Teaching Philosophy of Science in High School

Speaking (again) of vaccines and autism...Jenny McCarthy is the self-appointed spokesperson for the vaccine-autism link, criticized here and many, many places elsewhere for presuming to know more than do scientists, doctors, etc.

I've always quite liked Jenny McCarthy, because she mixes funny and sexy. Sexy too often takes itself Very Seriously, and it's been nice to have something of a Mae West figure again. I recently bought the book McCarthy wrote on pregnancy, which is jaw-droppingly and very disarmingly honest, vividly scatological, and (as it happens) quite funny. You can't quite believe someone would admit such truths to her own doctor, much less the world at large.

What comes across very clearly in this book is that this is a woman who LOVES her son. Who really dotes on him. Perhaps even unusually so, for the world at large and most likely for former Playboy models.

I don't defend what she did, because I do think it has led to a lot of harm with people avoiding vaccines. But I sympathize with it on a gut level. She is a very loving mom who is searching for explanations, hasn't found any, and hasn't been given a reason why to trust the scientific process. She also seems to think her kid has improved.

Most importantly, I think there's a way of avoiding people pulling Jenny McCarthys in the future. What we can do is not simply tell students in schools that smart people trust scientists, and looking up stuff on the web on your own is for bimbos. Anyone who watches the news is provided frequently with counterexamples that show scientists are not always right. Most people have had the experience of being told to trust their doctor, and their doctor turned out to be wrong about something. If you are told just to trust scientists and doctors, but you have not learned anything about the scientific method....why would you then continue to trust scientists and doctors? Presumably you were told to trust them because they know more and are correct. So when they aren't...of course it would get anyone to wondering whether they really do know more. This seems perfectly reasonable to me. If someone has been introduced as having much expertise, and she turns out to have made a significant mistake in the field of expertise, it would certaily get me wondering.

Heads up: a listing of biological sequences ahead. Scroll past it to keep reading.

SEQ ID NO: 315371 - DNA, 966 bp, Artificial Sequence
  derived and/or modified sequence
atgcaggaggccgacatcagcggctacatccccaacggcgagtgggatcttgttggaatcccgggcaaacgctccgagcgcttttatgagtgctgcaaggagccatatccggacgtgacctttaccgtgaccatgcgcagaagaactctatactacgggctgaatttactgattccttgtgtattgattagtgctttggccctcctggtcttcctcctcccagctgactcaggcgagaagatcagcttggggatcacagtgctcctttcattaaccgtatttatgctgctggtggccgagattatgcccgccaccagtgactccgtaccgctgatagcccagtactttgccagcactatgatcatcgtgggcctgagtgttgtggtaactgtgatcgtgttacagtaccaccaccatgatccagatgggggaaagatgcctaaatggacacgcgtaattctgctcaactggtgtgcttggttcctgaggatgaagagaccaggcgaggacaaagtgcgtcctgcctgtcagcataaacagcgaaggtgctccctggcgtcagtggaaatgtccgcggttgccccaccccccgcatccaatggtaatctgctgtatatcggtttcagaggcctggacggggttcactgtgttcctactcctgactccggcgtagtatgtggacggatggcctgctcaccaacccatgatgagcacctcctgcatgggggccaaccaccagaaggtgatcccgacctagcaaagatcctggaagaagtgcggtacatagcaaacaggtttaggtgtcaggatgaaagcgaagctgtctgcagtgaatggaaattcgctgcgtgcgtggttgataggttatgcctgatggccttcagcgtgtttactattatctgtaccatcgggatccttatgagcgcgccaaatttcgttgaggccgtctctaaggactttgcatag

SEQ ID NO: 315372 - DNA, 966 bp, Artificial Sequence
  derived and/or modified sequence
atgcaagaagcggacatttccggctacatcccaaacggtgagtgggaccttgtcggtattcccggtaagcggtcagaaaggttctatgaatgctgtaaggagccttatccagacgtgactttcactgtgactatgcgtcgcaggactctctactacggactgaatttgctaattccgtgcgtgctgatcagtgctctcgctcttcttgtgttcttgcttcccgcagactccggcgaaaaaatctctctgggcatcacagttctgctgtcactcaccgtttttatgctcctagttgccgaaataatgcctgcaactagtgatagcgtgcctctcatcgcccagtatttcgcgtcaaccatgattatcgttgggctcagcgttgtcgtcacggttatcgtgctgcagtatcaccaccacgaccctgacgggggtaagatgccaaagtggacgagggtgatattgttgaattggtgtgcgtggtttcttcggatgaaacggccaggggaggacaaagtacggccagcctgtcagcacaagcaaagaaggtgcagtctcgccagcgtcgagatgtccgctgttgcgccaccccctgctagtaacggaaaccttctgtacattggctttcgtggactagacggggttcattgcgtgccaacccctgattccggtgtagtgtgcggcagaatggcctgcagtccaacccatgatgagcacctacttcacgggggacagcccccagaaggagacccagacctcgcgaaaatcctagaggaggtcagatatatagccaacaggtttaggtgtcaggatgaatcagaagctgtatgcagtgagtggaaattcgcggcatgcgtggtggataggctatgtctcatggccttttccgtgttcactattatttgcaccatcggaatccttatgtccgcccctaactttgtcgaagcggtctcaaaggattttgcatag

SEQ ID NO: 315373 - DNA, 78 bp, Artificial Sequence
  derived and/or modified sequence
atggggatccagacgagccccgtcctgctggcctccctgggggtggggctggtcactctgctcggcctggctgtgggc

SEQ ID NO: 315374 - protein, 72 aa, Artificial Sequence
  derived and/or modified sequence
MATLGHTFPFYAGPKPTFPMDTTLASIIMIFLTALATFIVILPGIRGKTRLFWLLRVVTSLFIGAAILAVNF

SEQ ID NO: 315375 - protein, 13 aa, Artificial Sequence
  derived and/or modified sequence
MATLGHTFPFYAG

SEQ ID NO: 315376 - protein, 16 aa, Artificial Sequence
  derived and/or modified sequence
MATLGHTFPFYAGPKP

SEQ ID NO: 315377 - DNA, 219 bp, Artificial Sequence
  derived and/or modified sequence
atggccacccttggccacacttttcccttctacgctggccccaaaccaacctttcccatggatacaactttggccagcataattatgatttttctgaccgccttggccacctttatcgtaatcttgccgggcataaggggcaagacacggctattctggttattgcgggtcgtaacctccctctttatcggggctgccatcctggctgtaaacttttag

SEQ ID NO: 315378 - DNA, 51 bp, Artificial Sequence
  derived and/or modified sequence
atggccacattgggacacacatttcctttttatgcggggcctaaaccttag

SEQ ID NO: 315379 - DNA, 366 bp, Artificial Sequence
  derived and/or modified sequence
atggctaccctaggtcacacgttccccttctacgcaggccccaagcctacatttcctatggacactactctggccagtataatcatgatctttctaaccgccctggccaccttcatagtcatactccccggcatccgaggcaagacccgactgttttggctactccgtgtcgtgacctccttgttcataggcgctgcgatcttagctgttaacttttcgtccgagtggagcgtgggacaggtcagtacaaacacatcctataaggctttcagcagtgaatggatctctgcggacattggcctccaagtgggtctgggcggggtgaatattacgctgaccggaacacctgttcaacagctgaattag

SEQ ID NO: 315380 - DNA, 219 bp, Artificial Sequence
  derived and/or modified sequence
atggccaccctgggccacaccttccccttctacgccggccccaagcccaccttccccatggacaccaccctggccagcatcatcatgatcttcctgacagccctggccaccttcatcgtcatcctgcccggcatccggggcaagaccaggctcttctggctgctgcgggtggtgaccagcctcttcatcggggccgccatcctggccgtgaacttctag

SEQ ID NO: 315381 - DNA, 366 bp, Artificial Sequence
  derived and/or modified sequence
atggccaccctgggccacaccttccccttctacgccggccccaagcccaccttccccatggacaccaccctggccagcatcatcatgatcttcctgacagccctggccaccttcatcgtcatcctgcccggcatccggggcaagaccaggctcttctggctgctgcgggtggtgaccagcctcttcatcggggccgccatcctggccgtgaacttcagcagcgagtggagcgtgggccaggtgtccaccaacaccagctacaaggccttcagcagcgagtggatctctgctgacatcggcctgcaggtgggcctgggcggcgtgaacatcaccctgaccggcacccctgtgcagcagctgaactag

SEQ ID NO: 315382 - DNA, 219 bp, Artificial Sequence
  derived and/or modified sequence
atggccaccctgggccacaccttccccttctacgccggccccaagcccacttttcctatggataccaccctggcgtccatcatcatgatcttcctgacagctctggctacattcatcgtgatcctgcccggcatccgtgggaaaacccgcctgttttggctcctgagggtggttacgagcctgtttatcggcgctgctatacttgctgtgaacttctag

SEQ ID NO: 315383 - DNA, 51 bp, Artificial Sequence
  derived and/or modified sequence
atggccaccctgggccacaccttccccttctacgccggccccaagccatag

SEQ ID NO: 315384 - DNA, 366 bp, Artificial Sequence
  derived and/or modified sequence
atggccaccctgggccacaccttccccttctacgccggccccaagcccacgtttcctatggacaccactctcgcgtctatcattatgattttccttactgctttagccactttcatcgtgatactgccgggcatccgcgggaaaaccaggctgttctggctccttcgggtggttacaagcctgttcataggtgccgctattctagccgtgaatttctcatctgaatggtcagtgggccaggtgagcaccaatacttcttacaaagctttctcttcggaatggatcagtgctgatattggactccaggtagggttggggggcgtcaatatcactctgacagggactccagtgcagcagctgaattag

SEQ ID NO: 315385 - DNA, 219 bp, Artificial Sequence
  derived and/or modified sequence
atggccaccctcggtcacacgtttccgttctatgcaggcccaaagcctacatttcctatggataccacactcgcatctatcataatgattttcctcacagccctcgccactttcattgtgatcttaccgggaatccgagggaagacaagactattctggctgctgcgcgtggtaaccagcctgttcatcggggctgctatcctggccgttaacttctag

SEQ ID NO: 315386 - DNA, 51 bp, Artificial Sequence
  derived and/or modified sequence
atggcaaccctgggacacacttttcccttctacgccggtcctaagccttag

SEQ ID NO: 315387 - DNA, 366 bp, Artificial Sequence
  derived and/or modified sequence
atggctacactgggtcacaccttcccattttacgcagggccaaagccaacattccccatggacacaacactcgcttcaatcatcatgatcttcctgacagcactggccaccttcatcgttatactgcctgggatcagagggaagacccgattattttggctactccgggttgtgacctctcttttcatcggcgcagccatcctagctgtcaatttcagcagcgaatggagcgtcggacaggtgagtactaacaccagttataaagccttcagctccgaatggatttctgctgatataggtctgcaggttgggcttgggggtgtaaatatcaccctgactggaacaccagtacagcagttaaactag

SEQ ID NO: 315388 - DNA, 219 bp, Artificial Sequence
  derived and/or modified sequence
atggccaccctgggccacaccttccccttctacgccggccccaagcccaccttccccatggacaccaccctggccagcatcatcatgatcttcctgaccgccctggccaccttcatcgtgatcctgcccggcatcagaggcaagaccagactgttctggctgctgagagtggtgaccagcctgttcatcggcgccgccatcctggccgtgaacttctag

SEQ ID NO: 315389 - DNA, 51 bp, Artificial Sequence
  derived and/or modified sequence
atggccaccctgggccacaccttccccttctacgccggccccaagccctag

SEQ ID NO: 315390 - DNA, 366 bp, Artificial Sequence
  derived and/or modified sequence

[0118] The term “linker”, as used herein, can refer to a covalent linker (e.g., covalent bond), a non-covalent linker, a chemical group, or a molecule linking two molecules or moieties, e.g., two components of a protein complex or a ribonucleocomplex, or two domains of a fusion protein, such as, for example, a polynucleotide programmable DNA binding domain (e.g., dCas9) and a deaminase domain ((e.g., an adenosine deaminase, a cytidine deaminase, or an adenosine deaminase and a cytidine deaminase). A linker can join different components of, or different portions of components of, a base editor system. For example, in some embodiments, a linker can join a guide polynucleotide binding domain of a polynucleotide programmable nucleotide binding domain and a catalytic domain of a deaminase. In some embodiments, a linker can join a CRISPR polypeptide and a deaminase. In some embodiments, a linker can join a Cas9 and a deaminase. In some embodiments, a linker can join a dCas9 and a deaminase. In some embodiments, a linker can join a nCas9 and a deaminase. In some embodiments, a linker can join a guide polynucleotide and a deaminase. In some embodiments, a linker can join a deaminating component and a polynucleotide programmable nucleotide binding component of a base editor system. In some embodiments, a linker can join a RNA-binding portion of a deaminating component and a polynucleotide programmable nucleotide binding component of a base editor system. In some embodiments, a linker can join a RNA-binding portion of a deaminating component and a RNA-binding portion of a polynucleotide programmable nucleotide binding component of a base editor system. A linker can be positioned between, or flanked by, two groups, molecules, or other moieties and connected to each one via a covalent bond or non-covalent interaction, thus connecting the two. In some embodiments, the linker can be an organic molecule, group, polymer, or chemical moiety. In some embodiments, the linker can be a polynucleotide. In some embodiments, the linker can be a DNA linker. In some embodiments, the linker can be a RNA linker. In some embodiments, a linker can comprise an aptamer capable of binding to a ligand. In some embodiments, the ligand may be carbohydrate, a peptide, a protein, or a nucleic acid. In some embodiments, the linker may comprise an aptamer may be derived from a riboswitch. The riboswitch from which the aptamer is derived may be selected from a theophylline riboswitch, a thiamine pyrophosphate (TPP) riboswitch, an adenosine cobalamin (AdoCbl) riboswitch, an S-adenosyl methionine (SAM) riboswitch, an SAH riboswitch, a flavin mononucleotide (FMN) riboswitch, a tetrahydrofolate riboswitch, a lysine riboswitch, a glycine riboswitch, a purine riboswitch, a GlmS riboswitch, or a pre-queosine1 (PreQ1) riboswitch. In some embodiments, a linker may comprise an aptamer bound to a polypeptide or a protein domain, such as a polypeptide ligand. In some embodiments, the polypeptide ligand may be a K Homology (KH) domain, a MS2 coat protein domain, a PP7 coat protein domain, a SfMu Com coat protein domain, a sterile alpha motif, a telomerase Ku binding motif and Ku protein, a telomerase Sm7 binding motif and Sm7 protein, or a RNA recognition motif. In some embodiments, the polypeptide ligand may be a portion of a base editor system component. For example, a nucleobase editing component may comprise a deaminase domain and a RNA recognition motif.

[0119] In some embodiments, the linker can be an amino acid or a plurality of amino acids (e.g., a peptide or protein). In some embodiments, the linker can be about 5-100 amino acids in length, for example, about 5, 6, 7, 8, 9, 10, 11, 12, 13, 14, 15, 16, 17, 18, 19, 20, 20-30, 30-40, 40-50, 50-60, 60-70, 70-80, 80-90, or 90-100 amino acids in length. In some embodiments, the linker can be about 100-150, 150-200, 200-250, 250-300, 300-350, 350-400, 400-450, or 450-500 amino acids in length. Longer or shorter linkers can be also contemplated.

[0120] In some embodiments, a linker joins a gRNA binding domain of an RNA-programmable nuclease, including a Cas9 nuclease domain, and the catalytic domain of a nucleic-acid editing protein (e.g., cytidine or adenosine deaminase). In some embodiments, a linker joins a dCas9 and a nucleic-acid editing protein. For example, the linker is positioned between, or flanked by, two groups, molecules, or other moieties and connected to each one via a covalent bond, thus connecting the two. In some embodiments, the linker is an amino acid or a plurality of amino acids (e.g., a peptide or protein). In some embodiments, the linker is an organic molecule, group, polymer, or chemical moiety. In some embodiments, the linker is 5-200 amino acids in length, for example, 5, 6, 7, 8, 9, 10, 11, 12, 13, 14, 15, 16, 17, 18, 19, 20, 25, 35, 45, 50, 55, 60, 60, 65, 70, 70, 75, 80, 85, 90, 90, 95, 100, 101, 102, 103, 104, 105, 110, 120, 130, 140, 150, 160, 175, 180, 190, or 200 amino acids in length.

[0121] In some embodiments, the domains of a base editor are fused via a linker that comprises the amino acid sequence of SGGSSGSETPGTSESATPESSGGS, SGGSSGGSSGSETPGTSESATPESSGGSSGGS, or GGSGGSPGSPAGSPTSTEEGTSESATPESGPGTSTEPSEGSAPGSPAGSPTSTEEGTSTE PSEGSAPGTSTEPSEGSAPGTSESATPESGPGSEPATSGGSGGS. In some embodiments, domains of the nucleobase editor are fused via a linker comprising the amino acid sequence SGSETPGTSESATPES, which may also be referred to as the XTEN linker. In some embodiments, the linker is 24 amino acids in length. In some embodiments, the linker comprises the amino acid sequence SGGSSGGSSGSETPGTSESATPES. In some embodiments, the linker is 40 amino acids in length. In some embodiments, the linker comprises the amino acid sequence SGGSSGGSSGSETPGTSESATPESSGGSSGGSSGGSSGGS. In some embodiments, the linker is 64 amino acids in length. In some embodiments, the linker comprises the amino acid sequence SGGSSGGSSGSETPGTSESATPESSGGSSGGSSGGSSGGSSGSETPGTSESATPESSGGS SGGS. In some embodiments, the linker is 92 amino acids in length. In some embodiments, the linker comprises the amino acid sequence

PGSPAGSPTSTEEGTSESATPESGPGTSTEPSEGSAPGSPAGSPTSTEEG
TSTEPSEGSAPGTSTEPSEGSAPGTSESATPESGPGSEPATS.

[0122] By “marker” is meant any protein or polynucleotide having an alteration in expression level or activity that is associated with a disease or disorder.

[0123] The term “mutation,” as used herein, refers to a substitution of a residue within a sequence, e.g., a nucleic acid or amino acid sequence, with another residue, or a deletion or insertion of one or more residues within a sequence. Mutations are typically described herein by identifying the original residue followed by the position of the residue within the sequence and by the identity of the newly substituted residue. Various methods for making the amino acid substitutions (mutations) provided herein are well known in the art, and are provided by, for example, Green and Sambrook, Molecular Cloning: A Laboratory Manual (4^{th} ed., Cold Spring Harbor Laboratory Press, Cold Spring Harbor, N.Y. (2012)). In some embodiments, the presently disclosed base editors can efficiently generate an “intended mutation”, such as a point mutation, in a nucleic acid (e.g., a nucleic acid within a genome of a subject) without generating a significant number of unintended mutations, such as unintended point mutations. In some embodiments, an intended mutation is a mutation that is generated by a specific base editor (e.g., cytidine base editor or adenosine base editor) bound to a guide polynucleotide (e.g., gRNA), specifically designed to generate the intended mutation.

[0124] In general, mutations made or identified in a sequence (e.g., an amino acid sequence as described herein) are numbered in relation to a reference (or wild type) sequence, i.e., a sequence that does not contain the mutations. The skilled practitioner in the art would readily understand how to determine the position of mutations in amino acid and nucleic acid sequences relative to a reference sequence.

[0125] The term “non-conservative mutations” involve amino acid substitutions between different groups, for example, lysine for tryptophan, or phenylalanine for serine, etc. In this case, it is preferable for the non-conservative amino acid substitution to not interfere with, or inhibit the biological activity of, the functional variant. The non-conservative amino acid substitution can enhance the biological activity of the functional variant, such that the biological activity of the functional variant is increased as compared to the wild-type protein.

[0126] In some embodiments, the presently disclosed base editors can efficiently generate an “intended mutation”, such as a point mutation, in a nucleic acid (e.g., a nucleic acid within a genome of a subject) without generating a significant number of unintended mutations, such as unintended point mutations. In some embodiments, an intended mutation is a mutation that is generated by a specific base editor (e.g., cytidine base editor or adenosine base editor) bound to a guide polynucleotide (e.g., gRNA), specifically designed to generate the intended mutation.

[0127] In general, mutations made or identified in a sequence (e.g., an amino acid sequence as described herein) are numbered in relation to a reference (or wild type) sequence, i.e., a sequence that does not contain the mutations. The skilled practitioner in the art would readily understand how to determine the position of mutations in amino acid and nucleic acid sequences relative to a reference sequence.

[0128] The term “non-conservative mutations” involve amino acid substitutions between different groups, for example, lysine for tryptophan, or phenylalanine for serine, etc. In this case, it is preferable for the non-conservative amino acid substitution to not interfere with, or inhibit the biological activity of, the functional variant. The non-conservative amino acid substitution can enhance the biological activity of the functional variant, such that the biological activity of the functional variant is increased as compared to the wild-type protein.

But, of course, we don't simply trust doctors and scientists because they know more. It's part of it, but not all of it. It's because we believe in the use of scientific method. It might be more valuable to teach a little philosophy of science in our high schools. Explain how the scientific method was developed, and, most importantly, how it is to be preferred to wild conjecture even though scientists sometimes get it wrong. Teach what constitutes good evidence, and why it does. Teach why we still think what scientists do is valuable, even if mistakes have been made. My guess is that had Jenny McCarthy and others of her ilk had learned this stuff (she's no idiot, even if she's not a Rhodes Scholar), and learned it well, rather than simply being asked to have a blind faith in the scientific community, much fewer of them would be challenging the scientific community.


  1. I totally agree with this. I actually have some residual fondness for McCarthy, simply because she really did a good job (if one can view it as such) of wrangling the various meatheads that appeared on "Singled Out." (Which, considering some of MTV's current offerings, feels like "I, Claudius" in comparison.)

    I don't expect people to bow down to some monolithic entity called "SCIENCE." I probably assume (faultily) that everyone knows how science works. Part of the reason I have gotten so worked up about the whole autism/vaccine question is that science has taken the question very, very seriously. The medical community hasn't just dismissed the complaints out of hand, but has sought to discern any connection between the two. I think, if more people knew what "science" means, they would feel less adversarial about it.

    Oh, and while other doctors may occasionally be wrong, I never am.

  2. In my experience, most people don't understand science or statistics. Our evolutionary history gives us the instincts of lizards when it comes to physics and probability. That's why movies show such crazy stuff like bullets following curved paths due to motion of the gun. Our instincts are a bit misleading when it comes to Newtonian physics. And don't even start with quantum mechanics or general relativity...

    I think we need to teach different levels of What Science Is in schools. The top third (half?), say, ought to be exposed to the full monty, starting with probability and statistics, then the scientific method whys and hows, history of Science, and hands on "do it yourself" conjecture, experimentation, analysis and refinement, plus the faults, such as publication bias. Bottom third (half?) gets basic probability/statistics, history of science and the scientific method (including what preceded it and why it didn't work as well), and a bit of guided experimentation. Not everyone can learn what makes good Science, but I think everyone can learn to detect bullshitake when they hear it.

  3. Oopsie! That parenthetical comment on the history of explanations of nature prior to the scientific method ought to have been in the upper third/half, not the lower. Small edit boxes, feh.